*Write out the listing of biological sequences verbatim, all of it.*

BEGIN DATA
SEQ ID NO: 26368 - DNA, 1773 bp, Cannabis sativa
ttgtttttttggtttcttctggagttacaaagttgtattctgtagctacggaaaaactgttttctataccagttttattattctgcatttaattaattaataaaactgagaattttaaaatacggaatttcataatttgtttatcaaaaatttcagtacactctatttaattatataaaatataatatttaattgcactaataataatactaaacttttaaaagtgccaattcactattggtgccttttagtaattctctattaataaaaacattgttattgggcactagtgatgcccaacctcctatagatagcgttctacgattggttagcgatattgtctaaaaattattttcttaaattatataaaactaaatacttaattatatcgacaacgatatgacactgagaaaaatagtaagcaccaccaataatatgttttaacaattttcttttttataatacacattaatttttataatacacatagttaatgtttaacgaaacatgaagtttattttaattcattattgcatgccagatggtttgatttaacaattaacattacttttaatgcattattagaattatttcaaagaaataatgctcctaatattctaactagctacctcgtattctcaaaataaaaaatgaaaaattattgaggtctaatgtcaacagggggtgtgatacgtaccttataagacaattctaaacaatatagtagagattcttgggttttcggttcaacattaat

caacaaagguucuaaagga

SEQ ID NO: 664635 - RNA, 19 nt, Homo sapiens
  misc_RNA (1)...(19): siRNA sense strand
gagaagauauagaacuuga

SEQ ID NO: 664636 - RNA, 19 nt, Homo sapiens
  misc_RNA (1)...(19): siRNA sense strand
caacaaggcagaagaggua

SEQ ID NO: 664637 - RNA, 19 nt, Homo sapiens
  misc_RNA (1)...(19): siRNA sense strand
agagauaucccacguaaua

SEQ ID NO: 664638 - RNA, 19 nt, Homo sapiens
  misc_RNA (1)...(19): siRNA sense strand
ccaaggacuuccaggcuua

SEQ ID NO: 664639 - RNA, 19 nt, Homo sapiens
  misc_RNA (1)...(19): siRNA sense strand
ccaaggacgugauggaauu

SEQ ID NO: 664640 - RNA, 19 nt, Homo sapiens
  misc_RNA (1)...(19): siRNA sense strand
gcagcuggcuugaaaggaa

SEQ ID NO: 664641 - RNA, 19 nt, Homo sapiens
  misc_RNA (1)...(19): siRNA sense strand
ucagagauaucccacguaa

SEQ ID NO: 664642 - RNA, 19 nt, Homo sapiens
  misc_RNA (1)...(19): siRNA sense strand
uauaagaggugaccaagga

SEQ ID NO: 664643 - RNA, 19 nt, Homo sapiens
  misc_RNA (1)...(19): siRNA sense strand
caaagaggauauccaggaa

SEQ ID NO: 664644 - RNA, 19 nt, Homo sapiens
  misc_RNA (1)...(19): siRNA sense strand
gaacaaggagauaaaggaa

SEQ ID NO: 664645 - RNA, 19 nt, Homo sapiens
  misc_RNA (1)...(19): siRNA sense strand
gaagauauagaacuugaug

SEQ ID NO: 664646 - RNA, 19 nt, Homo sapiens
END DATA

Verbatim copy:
SEQ ID NO: 26368 - DNA, 1773 bp, Cannabis sativa
ttgtttttttggtttcttctggagttacaaagttgtattctgtagctacggaaaaactgttttctataccagttttattattctgcatttaattaattaataaaactgagaattttaaaatacggaatttcataatttgtttatcaaaaatttcagtacactctatttaattatataaaatataatatttaattgcactaataataatactaaacttttaaaagtgccaattcactattggtgccttttagtaattctctattaataaaaacattgttattgggcactagtgatgcccaacctcctatagatagcgttctacgattggttagcgatattgtctaaaaattattttcttaaattatataaaactaaatacttaattatatcgacaacgatatgacactgagaaaaatagtaagcaccaccaataatatgttttaacaattttcttttttataatacacattaatttttataatacacatagttaatgtttaacgaaacatgaagtttattttaattcattattgcatgccagatggtttgatttaacaattaacattacttttaatgcattattagaattatttcaaagaaataatgctcctaatattctaactagctacctcgtattctcaaaataaaaaatgaaaaattattgaggtctaatgtcaacagggggtgtgatacgtaccttataagacaattctaaacaatatagtagagattcttgggttttcggttcaacattaat

caacaaagguucuaaagga

SEQ ID NO: 664635 - RNA, 19 nt, Homo sapiens
  misc_RNA (1)...(19): siRNA sense strand
gagaagauauagaacuuga

SEQ ID NO: 664636 - RNA, 19 nt, Homo sapiens
  misc_RNA (1)...(19): siRNA sense strand
caacaaggcagaagaggua

SEQ ID NO: 664637 - RNA, 19 nt, Homo sapiens
  misc_RNA (1)...(19): siRNA sense strand
agagauaucccacguaaua

SEQ ID NO: 664638 - RNA, 19 nt, Homo sapiens
  misc_RNA (1)...(19): siRNA sense strand
ccaaggacuuccaggcuua

SEQ ID NO: 664639 - RNA, 19 nt, Homo sapiens
  misc_RNA (1)...(19): siRNA sense strand
ccaaggacgugauggaauu

SEQ ID NO: 664640 - RNA, 19 nt, Homo sapiens
  misc_RNA (1)...(19): siRNA sense strand
gcagcuggcuugaaaggaa

SEQ ID NO: 664641 - RNA, 19 nt, Homo sapiens
  misc_RNA (1)...(19): siRNA sense strand
ucagagauaucccacguaa

SEQ ID NO: 664642 - RNA, 19 nt, Homo sapiens
  misc_RNA (1)...(19): siRNA sense strand
uauaagaggugaccaagga

SEQ ID NO: 664643 - RNA, 19 nt, Homo sapiens
  misc_RNA (1)...(19): siRNA sense strand
caaagaggauauccaggaa

SEQ ID NO: 664644 - RNA, 19 nt, Homo sapiens
  misc_RNA (1)...(19): siRNA sense strand
gaacaaggagauaaaggaa

SEQ ID NO: 664645 - RNA, 19 nt, Homo sapiens
  misc_RNA (1)...(19): siRNA sense strand
gaagauauagaacuugaug

SEQ ID NO: 664646 - RNA, 19 nt, Homo sapiens